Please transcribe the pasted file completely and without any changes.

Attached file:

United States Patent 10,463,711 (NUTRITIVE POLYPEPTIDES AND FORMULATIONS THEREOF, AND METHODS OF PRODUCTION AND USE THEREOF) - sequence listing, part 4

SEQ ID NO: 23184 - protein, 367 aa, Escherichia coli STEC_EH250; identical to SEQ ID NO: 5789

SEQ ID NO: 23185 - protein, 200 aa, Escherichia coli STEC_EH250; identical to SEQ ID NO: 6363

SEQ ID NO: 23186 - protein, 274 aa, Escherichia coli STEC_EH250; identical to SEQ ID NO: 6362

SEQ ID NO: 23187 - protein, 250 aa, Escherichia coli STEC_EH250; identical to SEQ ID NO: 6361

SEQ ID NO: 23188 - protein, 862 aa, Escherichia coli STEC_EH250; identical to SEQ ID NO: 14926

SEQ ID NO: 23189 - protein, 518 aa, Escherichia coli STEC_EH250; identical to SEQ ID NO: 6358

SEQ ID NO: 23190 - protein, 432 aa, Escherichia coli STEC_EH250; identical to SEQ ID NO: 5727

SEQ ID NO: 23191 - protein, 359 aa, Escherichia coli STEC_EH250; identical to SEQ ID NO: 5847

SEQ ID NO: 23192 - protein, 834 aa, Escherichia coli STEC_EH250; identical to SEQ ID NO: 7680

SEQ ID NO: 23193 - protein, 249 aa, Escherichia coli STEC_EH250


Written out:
United States Patent 10,463,711 (NUTRITIVE POLYPEPTIDES AND FORMULATIONS THEREOF, AND METHODS OF PRODUCTION AND USE THEREOF) - sequence listing, part 4

SEQ ID NO: 23184 - protein, 367 aa, Escherichia coli STEC_EH250; identical to SEQ ID NO: 5789

SEQ ID NO: 23185 - protein, 200 aa, Escherichia coli STEC_EH250; identical to SEQ ID NO: 6363

SEQ ID NO: 23186 - protein, 274 aa, Escherichia coli STEC_EH250; identical to SEQ ID NO: 6362

SEQ ID NO: 23187 - protein, 250 aa, Escherichia coli STEC_EH250; identical to SEQ ID NO: 6361

SEQ ID NO: 23188 - protein, 862 aa, Escherichia coli STEC_EH250; identical to SEQ ID NO: 14926

SEQ ID NO: 23189 - protein, 518 aa, Escherichia coli STEC_EH250; identical to SEQ ID NO: 6358

SEQ ID NO: 23190 - protein, 432 aa, Escherichia coli STEC_EH250; identical to SEQ ID NO: 5727

SEQ ID NO: 23191 - protein, 359 aa, Escherichia coli STEC_EH250; identical to SEQ ID NO: 5847

SEQ ID NO: 23192 - protein, 834 aa, Escherichia coli STEC_EH250; identical to SEQ ID NO: 7680

SEQ ID NO: 23193 - protein, 249 aa, Escherichia coli STEC_EH250